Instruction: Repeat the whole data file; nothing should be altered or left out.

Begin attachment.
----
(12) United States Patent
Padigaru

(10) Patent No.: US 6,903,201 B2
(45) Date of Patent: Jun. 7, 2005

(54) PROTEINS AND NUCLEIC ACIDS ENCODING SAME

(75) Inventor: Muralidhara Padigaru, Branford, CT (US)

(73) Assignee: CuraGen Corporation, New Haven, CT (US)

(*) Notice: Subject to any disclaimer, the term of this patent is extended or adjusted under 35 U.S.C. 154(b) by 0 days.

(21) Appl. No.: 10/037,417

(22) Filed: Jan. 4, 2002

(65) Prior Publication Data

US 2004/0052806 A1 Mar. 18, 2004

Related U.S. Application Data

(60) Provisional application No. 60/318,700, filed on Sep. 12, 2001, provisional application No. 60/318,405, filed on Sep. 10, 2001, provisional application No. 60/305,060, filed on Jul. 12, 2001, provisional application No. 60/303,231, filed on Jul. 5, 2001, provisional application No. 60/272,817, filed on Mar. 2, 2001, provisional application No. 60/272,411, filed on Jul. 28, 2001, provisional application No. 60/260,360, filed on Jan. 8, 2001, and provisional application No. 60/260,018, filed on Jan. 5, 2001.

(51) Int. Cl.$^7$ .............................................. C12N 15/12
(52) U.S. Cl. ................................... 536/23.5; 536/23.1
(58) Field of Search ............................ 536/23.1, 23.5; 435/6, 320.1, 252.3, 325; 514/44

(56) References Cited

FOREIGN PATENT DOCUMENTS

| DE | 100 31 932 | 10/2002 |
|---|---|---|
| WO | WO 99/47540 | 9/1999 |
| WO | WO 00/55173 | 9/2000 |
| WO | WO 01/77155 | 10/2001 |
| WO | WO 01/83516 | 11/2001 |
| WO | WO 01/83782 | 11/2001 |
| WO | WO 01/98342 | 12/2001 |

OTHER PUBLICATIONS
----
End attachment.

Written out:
(12) United States Patent
Padigaru

(10) Patent No.: US 6,903,201 B2
(45) Date of Patent: Jun. 7, 2005

(54) PROTEINS AND NUCLEIC ACIDS ENCODING SAME

(75) Inventor: Muralidhara Padigaru, Branford, CT (US)

(73) Assignee: CuraGen Corporation, New Haven, CT (US)

(*) Notice: Subject to any disclaimer, the term of this patent is extended or adjusted under 35 U.S.C. 154(b) by 0 days.

(21) Appl. No.: 10/037,417

(22) Filed: Jan. 4, 2002

(65) Prior Publication Data

US 2004/0052806 A1 Mar. 18, 2004

Related U.S. Application Data

(60) Provisional application No. 60/318,700, filed on Sep. 12, 2001, provisional application No. 60/318,405, filed on Sep. 10, 2001, provisional application No. 60/305,060, filed on Jul. 12, 2001, provisional application No. 60/303,231, filed on Jul. 5, 2001, provisional application No. 60/272,817, filed on Mar. 2, 2001, provisional application No. 60/272,411, filed on Jul. 28, 2001, provisional application No. 60/260,360, filed on Jan. 8, 2001, and provisional application No. 60/260,018, filed on Jan. 5, 2001.

(51) Int. Cl.$^7$ .............................................. C12N 15/12
(52) U.S. Cl. ................................... 536/23.5; 536/23.1
(58) Field of Search ............................ 536/23.1, 23.5; 435/6, 320.1, 252.3, 325; 514/44

(56) References Cited

FOREIGN PATENT DOCUMENTS

| DE | 100 31 932 | 10/2002 |
|---|---|---|
| WO | WO 99/47540 | 9/1999 |
| WO | WO 00/55173 | 9/2000 |
| WO | WO 01/77155 | 10/2001 |
| WO | WO 01/83516 | 11/2001 |
| WO | WO 01/83782 | 11/2001 |
| WO | WO 01/98342 | 12/2001 |

OTHER PUBLICATIONS